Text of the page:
American actor Angelina Jolie is opening up about her daughter Zahara and how her race had an impact on her post-surgery care.
The Maleficent actor interviewed Malone Mukwende, a medical student who is aiming to highlight how several diseases and conditions are often neglected or overlooked by doctors in their non-white patients.
The 21-year-old future doctor began his project after he found that “almost all the images and data used in its teaching were based on studies of white patients” which can result in “misdiagnosis, suffering and even death,” writes Jolie in her recent article for Time.
“I have children from different backgrounds, and I know when there was a rash that everybody got, it looked drastically different depending on their skin color. But whenever I looked at medical charts, the reference point was always white skin,” explains Jolie.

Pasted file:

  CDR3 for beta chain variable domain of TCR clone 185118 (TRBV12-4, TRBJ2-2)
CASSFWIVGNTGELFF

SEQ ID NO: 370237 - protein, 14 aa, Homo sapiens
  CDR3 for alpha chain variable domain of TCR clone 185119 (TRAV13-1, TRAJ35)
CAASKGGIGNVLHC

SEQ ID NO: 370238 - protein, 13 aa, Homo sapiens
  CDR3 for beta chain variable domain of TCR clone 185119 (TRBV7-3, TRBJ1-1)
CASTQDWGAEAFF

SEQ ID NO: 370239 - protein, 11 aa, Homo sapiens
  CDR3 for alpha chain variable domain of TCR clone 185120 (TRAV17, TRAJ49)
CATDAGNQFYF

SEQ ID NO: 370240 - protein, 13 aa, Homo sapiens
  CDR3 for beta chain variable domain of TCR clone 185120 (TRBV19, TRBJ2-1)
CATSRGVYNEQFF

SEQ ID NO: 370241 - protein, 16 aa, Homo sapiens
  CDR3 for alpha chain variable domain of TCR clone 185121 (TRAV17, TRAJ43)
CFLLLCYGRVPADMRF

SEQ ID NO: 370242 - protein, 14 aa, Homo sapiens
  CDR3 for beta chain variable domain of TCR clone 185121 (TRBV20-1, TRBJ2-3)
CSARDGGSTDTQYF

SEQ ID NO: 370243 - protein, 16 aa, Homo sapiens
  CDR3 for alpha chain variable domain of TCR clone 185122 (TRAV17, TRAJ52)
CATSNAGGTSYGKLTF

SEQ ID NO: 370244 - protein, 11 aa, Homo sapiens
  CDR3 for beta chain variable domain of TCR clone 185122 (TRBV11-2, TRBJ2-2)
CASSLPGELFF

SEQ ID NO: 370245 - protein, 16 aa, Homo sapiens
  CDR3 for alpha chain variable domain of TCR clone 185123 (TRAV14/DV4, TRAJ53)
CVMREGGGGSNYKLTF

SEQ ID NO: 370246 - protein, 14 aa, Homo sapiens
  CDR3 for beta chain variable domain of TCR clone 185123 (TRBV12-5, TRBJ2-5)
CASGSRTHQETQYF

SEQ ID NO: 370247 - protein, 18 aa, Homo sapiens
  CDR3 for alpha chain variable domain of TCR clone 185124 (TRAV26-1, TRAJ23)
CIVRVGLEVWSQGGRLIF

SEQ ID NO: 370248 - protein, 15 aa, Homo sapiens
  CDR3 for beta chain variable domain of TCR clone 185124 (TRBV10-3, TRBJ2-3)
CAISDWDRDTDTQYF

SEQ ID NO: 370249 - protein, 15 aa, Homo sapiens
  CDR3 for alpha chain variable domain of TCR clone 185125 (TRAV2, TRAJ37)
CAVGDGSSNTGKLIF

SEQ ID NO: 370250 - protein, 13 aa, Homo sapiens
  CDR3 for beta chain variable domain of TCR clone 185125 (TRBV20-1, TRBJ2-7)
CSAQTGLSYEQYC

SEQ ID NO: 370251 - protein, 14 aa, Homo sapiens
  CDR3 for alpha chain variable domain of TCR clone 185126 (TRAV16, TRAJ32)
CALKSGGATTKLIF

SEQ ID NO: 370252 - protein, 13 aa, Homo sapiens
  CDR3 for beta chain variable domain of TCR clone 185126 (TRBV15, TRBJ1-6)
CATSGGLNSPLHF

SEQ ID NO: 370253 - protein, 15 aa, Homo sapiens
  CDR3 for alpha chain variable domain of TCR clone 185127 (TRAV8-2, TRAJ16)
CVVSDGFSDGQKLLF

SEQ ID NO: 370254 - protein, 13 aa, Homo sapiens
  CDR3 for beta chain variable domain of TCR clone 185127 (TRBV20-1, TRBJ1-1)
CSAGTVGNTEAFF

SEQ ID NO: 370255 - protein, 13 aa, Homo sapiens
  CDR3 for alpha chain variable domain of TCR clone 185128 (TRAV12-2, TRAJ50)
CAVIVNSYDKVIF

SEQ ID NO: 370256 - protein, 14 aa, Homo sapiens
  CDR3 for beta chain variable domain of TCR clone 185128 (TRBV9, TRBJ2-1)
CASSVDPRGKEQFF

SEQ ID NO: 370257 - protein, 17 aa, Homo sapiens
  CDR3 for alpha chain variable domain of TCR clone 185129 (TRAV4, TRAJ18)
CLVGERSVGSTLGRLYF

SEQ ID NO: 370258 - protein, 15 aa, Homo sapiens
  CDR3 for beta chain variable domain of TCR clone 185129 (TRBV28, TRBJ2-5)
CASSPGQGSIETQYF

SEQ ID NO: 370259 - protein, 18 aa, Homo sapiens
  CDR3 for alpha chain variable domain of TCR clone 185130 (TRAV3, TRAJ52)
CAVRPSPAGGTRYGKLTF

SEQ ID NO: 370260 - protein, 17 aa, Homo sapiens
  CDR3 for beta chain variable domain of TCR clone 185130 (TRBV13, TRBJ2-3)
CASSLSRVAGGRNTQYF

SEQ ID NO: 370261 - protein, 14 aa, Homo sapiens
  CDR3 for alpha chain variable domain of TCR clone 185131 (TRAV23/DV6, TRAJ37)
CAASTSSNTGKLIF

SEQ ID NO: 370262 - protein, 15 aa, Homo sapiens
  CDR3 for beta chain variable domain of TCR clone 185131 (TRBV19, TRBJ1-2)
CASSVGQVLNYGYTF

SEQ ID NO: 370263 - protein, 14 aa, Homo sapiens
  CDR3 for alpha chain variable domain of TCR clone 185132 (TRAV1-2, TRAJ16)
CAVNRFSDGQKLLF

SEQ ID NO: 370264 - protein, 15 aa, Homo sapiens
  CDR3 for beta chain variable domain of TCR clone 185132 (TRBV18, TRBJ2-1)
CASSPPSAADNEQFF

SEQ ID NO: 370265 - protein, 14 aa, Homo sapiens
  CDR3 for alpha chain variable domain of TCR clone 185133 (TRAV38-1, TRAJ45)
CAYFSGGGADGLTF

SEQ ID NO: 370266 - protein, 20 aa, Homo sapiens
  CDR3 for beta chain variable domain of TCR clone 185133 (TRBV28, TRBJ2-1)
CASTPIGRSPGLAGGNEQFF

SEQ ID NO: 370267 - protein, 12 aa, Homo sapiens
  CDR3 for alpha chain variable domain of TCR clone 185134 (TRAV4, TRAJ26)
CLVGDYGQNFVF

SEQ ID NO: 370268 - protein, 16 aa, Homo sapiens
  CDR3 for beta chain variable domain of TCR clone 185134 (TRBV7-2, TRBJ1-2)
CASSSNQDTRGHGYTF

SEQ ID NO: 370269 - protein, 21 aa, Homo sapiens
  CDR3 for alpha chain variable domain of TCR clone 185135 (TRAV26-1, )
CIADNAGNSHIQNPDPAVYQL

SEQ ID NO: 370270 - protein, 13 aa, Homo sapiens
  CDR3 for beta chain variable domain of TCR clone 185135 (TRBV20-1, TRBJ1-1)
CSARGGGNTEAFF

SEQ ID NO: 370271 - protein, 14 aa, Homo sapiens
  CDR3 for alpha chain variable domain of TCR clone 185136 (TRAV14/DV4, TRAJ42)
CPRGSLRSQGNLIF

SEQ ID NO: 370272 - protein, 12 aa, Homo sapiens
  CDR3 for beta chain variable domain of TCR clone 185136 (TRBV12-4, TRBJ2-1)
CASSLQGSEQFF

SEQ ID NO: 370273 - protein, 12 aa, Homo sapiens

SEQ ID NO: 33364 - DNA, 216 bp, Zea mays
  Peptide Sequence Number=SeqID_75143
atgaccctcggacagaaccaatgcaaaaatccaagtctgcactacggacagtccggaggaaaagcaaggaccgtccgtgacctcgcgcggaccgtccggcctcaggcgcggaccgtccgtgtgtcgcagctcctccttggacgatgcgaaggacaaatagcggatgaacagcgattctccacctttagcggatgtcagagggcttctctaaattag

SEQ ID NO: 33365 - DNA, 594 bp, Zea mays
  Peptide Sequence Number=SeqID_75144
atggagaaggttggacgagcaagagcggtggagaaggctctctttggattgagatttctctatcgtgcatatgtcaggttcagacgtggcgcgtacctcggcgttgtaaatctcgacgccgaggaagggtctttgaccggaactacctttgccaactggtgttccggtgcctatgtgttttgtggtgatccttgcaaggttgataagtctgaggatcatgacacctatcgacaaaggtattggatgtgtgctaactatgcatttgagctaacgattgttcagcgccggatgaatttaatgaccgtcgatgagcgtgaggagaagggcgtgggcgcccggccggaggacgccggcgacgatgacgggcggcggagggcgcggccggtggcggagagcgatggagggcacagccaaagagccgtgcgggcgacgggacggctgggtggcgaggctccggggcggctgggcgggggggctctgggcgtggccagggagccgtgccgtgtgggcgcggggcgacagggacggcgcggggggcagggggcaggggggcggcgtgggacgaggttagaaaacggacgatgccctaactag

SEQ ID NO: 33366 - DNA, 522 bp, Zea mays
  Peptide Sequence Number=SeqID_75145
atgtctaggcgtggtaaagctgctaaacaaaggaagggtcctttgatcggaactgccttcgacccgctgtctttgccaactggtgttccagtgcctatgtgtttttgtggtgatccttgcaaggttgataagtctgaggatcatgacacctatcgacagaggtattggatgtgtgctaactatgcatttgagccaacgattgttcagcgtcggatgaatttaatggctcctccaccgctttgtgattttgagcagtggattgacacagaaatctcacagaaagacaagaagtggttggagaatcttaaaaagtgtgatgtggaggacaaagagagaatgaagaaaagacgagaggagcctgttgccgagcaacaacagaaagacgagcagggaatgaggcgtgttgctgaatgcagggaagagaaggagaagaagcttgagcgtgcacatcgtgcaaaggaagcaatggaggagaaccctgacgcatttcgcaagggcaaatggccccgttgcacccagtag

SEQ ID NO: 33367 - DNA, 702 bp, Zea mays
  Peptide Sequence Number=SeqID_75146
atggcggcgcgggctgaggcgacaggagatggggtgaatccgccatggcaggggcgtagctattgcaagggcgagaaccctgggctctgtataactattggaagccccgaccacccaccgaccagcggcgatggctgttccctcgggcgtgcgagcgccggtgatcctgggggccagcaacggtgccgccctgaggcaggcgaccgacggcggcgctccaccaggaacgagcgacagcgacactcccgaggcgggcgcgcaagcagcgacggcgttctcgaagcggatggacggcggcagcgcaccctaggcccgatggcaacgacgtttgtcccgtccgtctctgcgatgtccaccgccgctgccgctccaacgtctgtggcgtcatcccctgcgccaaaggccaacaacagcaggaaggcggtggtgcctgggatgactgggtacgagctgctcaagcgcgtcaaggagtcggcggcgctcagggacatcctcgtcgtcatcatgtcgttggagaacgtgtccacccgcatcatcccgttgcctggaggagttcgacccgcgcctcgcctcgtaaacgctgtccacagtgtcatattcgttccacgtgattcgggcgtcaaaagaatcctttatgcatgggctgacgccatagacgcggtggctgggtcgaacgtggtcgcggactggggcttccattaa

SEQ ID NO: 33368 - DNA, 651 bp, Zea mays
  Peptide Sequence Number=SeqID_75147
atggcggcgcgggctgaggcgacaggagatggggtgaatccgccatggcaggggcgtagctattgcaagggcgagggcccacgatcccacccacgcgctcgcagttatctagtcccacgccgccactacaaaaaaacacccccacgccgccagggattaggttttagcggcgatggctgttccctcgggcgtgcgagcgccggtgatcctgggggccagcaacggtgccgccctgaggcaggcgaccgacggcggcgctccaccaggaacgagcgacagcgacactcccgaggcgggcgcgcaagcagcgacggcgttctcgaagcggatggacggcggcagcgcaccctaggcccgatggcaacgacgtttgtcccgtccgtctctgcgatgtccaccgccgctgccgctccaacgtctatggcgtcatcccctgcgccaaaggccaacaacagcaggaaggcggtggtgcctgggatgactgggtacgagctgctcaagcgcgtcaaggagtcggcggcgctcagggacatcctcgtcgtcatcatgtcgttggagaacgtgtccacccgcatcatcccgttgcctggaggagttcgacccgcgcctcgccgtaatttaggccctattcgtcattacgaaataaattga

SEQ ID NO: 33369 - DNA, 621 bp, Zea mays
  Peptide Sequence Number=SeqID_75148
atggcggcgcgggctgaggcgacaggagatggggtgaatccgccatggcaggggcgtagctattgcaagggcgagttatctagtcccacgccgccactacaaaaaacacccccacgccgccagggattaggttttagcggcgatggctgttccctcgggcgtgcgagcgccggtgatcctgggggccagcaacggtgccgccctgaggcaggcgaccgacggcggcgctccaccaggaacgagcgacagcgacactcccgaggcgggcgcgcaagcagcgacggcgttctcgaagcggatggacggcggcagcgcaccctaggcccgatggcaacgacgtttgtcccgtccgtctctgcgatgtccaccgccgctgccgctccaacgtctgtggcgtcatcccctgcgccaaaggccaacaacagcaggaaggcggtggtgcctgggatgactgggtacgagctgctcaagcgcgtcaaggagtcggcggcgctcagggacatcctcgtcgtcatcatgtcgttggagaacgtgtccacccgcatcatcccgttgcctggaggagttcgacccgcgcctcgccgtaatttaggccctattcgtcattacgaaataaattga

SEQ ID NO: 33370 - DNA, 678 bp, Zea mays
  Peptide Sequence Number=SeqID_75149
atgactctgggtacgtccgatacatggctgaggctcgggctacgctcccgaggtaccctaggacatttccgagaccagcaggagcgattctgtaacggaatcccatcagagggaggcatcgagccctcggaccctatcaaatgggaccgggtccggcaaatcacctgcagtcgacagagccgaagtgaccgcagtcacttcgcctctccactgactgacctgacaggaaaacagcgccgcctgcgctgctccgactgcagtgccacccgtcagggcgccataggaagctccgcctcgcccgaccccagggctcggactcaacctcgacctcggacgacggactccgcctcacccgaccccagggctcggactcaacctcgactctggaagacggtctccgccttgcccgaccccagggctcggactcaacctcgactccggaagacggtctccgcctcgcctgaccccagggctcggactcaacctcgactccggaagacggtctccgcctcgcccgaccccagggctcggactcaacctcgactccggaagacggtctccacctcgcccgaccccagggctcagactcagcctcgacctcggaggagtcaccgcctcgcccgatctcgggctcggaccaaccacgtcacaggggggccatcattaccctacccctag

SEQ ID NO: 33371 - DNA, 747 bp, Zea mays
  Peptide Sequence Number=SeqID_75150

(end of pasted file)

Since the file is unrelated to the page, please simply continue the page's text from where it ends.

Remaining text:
She went on to recall how her eldest adopted daughter Zahara, who has African roots, had surgery last year.
“Recently my daughter, Zahara, whom I adopted from Ethiopia, had surgery, and afterward a nurse told me to call them if her skin ‘turned pink,'” said the actor.
Mukwende went on to say that what Jolie just recalled was “the kind of thing I started to notice very early on.”
“Almost the entirety of medicine is taught in that way. There’s a language and a culture that exists in the medical profession, because it’s been done for so many years and because we are still doing it so many years later it doesn’t seem like it’s a problem,” he said.
“However, like you’ve just illustrated, that’s a very problematic statement for some groups of the population because it’s just not going to happen in that way and if you’re unaware you probably won’t call the doctor,” he added.